It is unlikely that the Missouri Valley's opening weekend will actually be predictive of an entire season, but the quick take isn't difficult to come up with: The teams that are expected to be good are good, and the teams we expect to be bad are bad. There's no way to expect that to hold true, though, but the results may help us set an early benchmark for what is expected from each of the Valley teams.
Wichita State 71, New Mexico State 54
The Shockers start of their season ranked #11 by the AP, an entirely reasonable expectation for a team that proved themselves last season against "power" conference competition and other strong Mid-Majors. If nothing else, they have already proved themselves against the WAC front runner in an impressive fashion.
Coach Marshall may have not been happy with some of the smaller parts of WSU's game - such as being bested on defensive rebounds by a much larger Aggie team or some inconsistent offensive play - but his squad's solid overall game kept any flaws under control. Particularly, junior guard Fred Van Vleet's 7 steals (along with 13 more Aggie turnovers) limited NMSU's total shots. Combined with Tekele Cotton's (Sr-G) ever-stifling defensive game, the Shockers never really gave the Aggies a chance.
Indiana State 79, IUPUI 66 - OT
Khristian Smith (Jr-G) has already stepped up in a big way the the Sycamores. With the back and forth game coming down to the last six minutes of the second half, Smith ripped off 12 points to put his team in the lead until IUPUI's Marcellus Barksdale (Jr-G) tied it with two free throws. Smith then took advantage of overtime to score 4 and tie his career high in points at 27. The game was intense all the way until overtime, when the experienced Sycs took charge to not only score 16, but to limit IUPUI to 3 in extra time.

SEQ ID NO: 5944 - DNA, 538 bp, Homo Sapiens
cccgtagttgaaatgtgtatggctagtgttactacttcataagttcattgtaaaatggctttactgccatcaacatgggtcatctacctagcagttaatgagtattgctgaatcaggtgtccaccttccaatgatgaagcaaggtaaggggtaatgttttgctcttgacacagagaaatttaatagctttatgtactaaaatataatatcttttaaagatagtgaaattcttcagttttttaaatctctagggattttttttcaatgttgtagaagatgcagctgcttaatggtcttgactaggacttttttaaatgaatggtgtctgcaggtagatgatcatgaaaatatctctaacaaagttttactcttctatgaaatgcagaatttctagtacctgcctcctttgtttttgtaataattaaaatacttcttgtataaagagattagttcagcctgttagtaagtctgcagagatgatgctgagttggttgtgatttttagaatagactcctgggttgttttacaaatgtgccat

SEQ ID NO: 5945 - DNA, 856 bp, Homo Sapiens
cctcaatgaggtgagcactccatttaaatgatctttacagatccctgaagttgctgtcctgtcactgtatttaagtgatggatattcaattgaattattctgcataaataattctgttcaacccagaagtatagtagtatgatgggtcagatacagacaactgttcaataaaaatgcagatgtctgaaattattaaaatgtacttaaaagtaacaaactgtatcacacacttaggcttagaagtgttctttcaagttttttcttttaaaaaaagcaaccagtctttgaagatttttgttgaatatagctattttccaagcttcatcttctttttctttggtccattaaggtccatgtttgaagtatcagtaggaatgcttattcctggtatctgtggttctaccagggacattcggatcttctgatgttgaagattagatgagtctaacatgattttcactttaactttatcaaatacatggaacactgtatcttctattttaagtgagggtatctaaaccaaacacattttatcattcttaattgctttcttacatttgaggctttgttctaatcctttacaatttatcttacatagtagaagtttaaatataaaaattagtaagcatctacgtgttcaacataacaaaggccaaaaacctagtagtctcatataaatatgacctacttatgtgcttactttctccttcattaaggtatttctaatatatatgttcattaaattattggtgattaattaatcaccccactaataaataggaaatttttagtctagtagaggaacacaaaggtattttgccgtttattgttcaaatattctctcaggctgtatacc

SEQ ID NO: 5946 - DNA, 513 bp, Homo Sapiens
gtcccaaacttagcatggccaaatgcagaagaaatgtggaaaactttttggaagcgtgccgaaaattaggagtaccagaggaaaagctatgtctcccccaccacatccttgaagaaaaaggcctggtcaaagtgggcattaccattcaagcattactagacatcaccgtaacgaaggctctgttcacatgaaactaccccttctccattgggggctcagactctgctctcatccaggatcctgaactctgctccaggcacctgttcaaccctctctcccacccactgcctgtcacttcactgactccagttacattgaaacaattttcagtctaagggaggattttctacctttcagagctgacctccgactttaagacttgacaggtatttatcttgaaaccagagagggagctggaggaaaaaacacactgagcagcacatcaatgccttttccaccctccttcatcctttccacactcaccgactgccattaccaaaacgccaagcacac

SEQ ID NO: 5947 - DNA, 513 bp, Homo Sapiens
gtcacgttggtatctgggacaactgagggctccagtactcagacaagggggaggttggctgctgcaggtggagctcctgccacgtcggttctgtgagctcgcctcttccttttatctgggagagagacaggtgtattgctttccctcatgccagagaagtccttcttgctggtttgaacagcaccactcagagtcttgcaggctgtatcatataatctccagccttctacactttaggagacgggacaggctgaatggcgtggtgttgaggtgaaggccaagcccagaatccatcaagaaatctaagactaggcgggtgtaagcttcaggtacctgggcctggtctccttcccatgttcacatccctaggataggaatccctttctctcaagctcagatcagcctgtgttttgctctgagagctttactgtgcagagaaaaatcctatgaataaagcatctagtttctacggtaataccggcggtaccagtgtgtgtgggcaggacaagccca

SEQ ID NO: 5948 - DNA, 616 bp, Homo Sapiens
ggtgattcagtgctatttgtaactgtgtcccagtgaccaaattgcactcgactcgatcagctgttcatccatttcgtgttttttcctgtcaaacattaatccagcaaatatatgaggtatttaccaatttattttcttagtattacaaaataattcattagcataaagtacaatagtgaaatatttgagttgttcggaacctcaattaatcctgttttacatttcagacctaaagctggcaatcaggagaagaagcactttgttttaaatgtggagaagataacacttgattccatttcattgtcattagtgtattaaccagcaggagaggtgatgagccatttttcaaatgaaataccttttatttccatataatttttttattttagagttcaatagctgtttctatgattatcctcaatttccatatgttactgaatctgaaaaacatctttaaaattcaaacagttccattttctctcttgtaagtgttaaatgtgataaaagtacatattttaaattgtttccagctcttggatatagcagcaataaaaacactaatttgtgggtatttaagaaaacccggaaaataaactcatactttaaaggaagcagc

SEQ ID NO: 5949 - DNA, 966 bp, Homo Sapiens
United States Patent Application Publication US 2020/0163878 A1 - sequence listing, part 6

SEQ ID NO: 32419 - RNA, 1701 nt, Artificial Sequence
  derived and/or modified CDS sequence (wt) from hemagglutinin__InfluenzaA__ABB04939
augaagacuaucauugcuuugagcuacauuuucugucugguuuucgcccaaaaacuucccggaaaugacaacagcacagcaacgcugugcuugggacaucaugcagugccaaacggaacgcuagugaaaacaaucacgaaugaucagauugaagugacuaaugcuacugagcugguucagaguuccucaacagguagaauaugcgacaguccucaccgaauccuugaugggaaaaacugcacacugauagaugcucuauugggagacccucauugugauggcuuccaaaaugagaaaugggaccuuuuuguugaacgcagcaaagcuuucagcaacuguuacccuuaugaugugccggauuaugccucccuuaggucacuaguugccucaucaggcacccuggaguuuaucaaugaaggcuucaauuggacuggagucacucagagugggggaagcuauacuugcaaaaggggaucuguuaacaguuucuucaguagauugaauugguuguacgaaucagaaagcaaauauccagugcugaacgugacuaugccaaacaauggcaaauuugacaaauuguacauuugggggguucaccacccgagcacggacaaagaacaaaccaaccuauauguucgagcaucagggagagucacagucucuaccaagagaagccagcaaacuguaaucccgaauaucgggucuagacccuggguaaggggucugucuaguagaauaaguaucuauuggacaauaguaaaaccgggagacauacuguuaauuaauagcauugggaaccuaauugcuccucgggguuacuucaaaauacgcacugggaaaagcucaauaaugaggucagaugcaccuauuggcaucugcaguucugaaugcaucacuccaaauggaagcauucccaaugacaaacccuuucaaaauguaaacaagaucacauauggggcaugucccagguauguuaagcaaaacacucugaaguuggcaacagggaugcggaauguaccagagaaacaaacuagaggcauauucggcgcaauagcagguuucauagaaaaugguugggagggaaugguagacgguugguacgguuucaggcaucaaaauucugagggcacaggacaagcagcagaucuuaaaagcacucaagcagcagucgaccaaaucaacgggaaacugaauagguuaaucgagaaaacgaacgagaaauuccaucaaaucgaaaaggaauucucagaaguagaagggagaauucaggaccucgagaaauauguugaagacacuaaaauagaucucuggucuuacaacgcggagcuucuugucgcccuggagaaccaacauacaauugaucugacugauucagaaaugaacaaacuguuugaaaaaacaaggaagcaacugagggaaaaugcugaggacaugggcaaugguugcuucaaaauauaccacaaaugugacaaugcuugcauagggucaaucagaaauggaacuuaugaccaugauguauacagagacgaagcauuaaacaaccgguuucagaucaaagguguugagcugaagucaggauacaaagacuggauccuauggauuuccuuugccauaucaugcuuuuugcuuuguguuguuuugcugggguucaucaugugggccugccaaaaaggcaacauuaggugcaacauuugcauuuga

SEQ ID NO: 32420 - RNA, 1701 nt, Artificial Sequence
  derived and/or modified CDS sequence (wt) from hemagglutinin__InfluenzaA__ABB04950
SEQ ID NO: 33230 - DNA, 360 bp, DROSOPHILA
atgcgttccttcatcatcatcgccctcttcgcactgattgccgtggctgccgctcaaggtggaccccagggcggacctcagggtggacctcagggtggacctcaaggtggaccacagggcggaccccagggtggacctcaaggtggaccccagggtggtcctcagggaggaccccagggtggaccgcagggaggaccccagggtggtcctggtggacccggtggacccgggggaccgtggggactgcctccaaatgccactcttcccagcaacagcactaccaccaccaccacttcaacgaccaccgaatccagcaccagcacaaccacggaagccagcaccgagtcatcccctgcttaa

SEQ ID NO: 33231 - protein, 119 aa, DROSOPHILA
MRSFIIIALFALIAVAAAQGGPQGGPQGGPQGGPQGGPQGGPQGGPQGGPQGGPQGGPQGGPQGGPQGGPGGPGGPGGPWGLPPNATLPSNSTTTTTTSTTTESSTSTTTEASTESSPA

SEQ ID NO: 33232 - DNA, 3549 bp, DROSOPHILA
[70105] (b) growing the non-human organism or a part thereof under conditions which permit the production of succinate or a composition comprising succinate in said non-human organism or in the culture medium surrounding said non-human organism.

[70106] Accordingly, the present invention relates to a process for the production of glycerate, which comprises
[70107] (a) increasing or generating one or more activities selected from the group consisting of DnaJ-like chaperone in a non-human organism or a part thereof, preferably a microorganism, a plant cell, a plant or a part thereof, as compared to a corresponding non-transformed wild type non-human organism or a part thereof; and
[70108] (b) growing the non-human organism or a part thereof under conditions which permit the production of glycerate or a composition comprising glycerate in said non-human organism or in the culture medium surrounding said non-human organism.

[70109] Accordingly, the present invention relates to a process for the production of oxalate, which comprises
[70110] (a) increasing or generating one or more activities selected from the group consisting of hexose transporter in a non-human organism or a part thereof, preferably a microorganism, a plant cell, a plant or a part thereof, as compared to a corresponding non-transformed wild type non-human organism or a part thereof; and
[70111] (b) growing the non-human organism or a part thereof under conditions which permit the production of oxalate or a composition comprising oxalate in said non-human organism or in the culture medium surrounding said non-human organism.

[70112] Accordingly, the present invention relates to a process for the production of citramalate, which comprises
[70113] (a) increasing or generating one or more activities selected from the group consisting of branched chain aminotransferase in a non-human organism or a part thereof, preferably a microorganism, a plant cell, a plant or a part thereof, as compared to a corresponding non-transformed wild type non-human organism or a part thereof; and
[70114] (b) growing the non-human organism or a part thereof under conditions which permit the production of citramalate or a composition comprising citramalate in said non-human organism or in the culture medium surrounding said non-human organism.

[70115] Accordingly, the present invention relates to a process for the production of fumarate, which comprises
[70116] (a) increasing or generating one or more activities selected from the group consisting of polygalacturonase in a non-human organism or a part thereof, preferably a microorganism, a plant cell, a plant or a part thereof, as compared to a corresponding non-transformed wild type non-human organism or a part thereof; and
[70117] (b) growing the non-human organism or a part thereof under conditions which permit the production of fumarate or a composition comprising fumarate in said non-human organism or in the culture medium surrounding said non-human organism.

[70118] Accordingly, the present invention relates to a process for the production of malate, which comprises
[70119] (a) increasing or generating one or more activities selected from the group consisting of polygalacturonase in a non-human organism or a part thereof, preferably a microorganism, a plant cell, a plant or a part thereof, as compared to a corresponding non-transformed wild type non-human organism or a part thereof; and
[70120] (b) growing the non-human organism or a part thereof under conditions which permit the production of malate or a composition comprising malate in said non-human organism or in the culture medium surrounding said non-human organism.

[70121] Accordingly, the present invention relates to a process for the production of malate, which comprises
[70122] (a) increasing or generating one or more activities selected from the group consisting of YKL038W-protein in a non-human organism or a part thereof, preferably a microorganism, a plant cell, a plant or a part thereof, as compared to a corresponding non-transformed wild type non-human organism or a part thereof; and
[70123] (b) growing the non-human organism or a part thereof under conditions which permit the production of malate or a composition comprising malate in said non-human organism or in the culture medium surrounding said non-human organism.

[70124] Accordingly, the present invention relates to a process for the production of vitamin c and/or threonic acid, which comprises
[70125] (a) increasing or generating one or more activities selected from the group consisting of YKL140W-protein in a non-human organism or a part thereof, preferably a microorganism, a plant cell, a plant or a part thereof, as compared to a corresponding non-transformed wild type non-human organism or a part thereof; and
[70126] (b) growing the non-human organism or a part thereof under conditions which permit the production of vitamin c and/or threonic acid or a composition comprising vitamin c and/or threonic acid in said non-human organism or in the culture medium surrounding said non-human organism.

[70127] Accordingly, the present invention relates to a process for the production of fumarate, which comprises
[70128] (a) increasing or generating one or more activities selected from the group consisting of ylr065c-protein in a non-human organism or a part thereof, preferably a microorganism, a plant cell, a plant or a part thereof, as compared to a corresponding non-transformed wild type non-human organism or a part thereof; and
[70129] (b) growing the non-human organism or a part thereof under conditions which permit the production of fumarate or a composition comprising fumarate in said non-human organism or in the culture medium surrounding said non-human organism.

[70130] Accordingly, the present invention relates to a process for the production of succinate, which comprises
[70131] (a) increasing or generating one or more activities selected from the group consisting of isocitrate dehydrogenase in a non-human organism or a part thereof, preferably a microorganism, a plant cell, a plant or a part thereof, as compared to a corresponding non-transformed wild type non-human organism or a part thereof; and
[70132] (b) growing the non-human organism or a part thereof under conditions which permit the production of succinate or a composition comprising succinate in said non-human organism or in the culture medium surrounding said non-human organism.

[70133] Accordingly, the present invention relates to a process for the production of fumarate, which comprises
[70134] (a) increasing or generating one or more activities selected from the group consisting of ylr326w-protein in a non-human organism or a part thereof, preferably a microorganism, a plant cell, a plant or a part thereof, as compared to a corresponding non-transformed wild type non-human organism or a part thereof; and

Free throws were really the story of Barksdale's night, as he lead IUPUI in scoring 12, but with 8 of those points coming from the free throw line on 9 attempts. Otherwise, he was 2 out of 12 from the field while missing his 3 tries beyond the arc.
In fairness, fouls and free throws dominated ISU's offensive output as well as 36 of their 79 points came from the line. In total, 51 fouls were called between the two Indiana teams, which is significantly high compared to last season's average of 38.3 fouls per game. Now consider that 38.3 was the highest foul average since 2001, and you can imagine hordes of IUPUI fans yelling "let 'em play, ref!" Well, the horde of 3,159 in attendance.
Missouri State 64, Eastern Illinois 53
Marcus Marshall, the junior guard who was injured for most of last season, put the Bears on his back (click for full recap) and gave Missouri State time to figure things out on defense. Eastern Illinois lead for most of the game until Missouri State went on a 24-4 run with 11 minutes left in the second half.
Northern Iowa 64, North Dakota 52
UNI Coach Ben Jacobsen has begun his season by setting the school record for most career wins for a head coach at 167 wins, solidifying his legacy at Northern Iowa.
Seth Tuttle was his usual impressive self, scoring 24 with 9 rebounds, but it was Wes Washpun (Jr-G) who stormed off the bench to make slick assists and slip past defenders for 15 points. There's no reason to expect any less from Washpun who has played significant minutes before, but he took minutes away from starter Jeremy Morgan (So-G) who played ten minutes in the first half but was benched for the rest of the game. Morgan ended up scoring nothing on 3 field goal tries. Freshman guard Wyatt Lohaus also benefited from Morgan's cold shooting, coming in to play 18 minutes (scoring 3 with 2 assists and 2 rebounds).
Evansville 116, Earlham 45
Evansville did what they were supposed to against a NCAA DIII team that only won five games last season. Both DJ Balentine (Jr-G) and Mislav Brzoja (So-G) were over 20 points, with four more Purple Aces scoring in the teens against the Quakers.
Evansville scored the first 15 points and never looked back. However, let us for a moment honor Taylen Alexander, a junior guard for Earlham from Champaign, IL. Against DI opposition he scored 18, gathered 5 rebounds, and had his team's only block. His shooting percentage was 53.8 percent, which raised the team's shooting percentage to 29 percent. Without him, it would have been 22.4 percent.
Well done, Mr. Alexander.
Loyola (Chicago) 71, Rockhurst 58
Good job, Loyola, you beat a DII team by a significant margin. Let's just forget for a moment that you trailed 30 to 29 at the half. But seriously, the Rambler 21-5 run for the first 8 minutes of the second half was impressive. Either Head Coach Porter Moser has improved at making halftime adjustments, or the Ramblers started playing like a DI team.